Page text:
At a criminal trial, evidence that, after a defendant was arrested and given Miranda warnings, he asked the arresting officer to stop at a garage and pick up a briefcase, containing a large amount of money which was opened at police headquarters with a key furnished by the defendant warranted a finding that the defendant consented voluntarily to the opening of the briefcase. [367-368]
Although there had been evidence at a criminal trial that tire tracks at the scene of the crime were seventy-four inches wide and that the defendant was driving a 1970 Volkswagen on the day of the crime, a new trial was not warranted by evidence that the tracks of the defendant's car were fifty-four inches wide nor by testimony of trial counsel that he did not consider the measurement of the tracks significant. 
INDICTMENT found and returned in the Superior Court on June 4, 1973.
A pre-trial motion to suppress evidence was heard by Lappin, J., and the case was tried before him.
Malvine Nathanson for the defendant.
Charles J. Hely, Assistant District Attorney, for the Commonwealth.
BRAUCHER, J. The defendant appeals from his conviction of murder in the first degree and from the denial of his motion for a new trial. We uphold the rulings of the judge. As to the suppression of money found in the defendant's briefcase, we hold that (1) the judge was warranted in finding that the defendant voluntarily consented to the opening of the briefcase, (2) in the circumstances, the police were justified in taking an inventory of its contents, and (3) any error in these respects was harmless beyond
a reasonable doubt. We also hold that there was no error in denying the motion for a new trial, and we find no occasion for disturbing the conviction under G. L. c. 278, Section 33E.
The jury could have found, from the defendant's own testimony, that on the night of May 10, 1973, he drove the victim, a dealer in cocaine, to the spot where the body, shot eleven times, was found the next morning. There was also evidence that the defendant later had with him cocaine from the victim's "private stash," that he went to New Jersey the next morning, that he had substantial sums of money thereafter, that he was in Roanoke, Virginia, a week later, and that he was planning to drive to Arizona. There was also evidence that the defendant had given several significantly different versions of the critical events.
1. The motion to suppress. The evidence on the motion to suppress consisted entirely of the testimony of a Roanoke police officer. He testified that he arrested the defendant at a restaurant in Roanoke a week after the crime, that he patted the defendant down for weapons and found a knife, and that the defendant gave a false name. The defendant was given Miranda warnings, and he asked the officer to stop at a local Pontiac garage and pick up a briefcase. The officer picked up the briefcase from the office manager there and was told it was full of money. The defendant was then taken to police headquarters and searched, the briefcase was opened with a key furnished by the defendant, and the money, $4,400, was counted in the defendant's presence. The judge made findings in accordance with this testimony, found that "the defendant gave his consent voluntarily and the subsequent search was not unreasonable," and denied the motion to suppress.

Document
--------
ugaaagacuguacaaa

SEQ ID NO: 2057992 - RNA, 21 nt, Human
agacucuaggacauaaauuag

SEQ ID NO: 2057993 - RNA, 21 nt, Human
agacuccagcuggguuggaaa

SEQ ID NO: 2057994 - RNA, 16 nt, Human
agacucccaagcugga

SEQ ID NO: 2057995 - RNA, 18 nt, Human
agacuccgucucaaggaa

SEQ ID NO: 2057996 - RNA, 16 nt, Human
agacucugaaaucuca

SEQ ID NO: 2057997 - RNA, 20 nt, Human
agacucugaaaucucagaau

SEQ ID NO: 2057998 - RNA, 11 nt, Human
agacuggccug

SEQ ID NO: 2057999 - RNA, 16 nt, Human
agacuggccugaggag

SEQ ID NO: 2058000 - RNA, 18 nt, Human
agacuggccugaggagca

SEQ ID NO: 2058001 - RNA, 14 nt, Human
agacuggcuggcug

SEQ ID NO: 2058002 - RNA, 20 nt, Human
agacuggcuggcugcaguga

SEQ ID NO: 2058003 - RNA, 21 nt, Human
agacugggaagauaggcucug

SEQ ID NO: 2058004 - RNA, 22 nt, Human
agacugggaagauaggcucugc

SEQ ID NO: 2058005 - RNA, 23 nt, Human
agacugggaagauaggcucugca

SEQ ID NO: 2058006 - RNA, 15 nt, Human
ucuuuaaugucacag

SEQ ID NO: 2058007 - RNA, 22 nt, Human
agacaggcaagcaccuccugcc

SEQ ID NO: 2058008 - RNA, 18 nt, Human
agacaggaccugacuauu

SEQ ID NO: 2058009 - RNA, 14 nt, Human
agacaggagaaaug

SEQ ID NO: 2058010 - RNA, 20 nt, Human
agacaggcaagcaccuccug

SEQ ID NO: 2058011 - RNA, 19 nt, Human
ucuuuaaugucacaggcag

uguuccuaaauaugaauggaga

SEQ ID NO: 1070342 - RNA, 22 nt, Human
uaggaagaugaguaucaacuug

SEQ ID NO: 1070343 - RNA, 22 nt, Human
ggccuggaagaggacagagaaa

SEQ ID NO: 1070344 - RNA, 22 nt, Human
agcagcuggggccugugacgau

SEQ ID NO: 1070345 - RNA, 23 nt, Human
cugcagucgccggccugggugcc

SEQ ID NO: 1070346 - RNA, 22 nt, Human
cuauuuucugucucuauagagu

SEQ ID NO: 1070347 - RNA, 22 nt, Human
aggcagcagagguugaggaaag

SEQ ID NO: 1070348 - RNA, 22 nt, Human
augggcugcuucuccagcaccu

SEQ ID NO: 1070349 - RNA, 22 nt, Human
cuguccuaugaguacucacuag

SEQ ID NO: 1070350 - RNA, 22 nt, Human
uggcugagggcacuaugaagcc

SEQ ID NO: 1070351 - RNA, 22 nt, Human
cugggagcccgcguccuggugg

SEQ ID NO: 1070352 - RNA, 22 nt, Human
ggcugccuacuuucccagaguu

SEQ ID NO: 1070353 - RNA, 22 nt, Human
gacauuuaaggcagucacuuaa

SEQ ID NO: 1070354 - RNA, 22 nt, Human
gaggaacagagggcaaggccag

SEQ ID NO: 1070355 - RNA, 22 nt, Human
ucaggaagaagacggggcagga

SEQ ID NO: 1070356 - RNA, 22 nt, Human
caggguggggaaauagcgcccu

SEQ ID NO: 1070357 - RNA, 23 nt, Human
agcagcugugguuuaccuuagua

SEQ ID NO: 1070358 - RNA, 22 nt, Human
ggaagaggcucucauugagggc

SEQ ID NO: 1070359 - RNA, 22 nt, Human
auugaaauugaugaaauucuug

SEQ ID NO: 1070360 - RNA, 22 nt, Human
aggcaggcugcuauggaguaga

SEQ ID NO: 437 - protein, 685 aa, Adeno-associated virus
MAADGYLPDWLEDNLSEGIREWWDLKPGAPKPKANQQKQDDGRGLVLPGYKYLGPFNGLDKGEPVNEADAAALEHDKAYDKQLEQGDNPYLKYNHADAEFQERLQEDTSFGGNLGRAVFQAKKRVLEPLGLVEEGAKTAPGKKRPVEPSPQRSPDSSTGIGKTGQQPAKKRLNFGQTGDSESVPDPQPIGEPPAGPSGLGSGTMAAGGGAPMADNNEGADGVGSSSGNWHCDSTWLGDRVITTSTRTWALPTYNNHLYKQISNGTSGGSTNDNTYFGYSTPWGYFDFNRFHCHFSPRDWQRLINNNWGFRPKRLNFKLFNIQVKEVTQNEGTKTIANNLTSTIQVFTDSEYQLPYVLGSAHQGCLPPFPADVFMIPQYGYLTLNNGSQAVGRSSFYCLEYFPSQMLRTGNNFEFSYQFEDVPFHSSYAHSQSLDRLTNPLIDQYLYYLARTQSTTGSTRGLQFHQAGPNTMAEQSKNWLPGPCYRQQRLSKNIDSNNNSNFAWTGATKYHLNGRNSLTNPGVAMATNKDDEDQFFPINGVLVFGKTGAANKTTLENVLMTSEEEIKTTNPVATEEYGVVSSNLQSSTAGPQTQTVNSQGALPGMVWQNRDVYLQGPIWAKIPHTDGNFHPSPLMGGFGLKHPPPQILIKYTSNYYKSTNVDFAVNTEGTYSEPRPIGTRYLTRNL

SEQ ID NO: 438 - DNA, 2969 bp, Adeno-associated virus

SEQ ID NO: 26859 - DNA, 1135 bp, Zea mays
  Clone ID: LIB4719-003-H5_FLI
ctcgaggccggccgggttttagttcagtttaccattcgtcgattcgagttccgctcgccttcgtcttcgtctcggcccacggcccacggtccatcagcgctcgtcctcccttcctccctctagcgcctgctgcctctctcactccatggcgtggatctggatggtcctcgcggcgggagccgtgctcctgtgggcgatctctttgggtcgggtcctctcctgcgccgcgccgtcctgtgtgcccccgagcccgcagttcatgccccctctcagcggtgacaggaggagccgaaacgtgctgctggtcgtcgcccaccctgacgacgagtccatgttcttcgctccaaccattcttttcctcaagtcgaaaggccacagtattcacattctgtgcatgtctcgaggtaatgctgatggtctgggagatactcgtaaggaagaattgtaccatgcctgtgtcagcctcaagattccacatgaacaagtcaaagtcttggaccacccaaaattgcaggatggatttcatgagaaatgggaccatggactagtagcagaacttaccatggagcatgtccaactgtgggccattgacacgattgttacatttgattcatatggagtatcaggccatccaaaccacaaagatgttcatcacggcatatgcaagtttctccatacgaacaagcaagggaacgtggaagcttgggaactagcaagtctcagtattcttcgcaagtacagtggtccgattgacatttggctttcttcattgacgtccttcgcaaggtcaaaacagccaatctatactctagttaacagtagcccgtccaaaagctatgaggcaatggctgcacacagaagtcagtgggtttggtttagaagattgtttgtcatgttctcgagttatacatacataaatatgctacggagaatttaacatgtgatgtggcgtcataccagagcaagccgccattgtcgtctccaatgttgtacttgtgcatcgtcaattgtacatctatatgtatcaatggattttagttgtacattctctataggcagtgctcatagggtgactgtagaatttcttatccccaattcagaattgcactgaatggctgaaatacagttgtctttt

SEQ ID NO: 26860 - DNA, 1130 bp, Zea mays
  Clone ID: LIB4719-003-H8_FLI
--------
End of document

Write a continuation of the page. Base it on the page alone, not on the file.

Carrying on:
We think the evidence warranted the judge's finding that the defendant consented to the opening of the briefcase. Contrary to the defendant's contention, even though he was in custody there was no requirement of a showing that he knew of his right to refuse his consent. United States v. Watson, 423 U.S. 411, 424-425 (1976). Cf. Commonwealth v. Roy, 349 Mass. 224 , 228-230 (1965); United States v. DiPrima, 472 F.2d 550, 551 (1st Cir. 1973); Leavitt
v. Howard, 462 F.2d 992, 998 (1st Cir.), cert. denied, 409 U.S. 884 (1972). Moreover, apart from the defendant's consent, the opening of the briefcase and counting of the money was necessary to safeguard the defendant's property and to protect the police from false claims. See Commonwealth v. Ross, 361 Mass. 665 , 681 n.7 (1972), vacated on other grounds, 410 U.S. 901 (1973); Commonwealth v. Cavanaugh, 366 Mass. 277 , 282-283 (1974), and cases cited. As to police inventory procedures in Roanoke, see Cabbler v. Commonwealth, 212 Va. 520, 522-523 (1971), cert. denied, 405 U.S. 1073 (1972). Cabbler v. Superintendent, 528 F.2d 1142, 1145-1147 (4th Cir. 1975).
If there was error in denying the motion to suppress, the error was harmless beyond a reasonable doubt. The defendant's possession of a large sum of money shortly after the crime was used to support the prosecution's theory, based on statements by the defendant, that the defendant had been hired to do the killing. But there was ample other evidence that the defendant was carrying substantial amounts of cash shortly after the killing.
2. The motion for a new trial. At the trial there was evidence of tire tracks at the scene of the crime, seventy-four inches wide. The defendant testified that he was driving a 1970 Volkswagen automobile. Evidence on the motion for a new trial established that the tracks of such a car are only fifty-four inches wide. The defendant's trial counsel testified on the motion for a new trial that he did not think the measurement of the tire tracks was particularly significant, and the judge found that the tire track evidence was adequately presented to the jury for their consideration: "The fact that the present counsel considers it to have greater significance than did trial counsel brings nothing new to the case." We find no error or abuse of discretion in the judge's denial of the motion.
3. Section 33E. The transcript has been read in the light of our power and duty under G. L. c. 278, Section 33E. We do not find reason to disturb the conviction.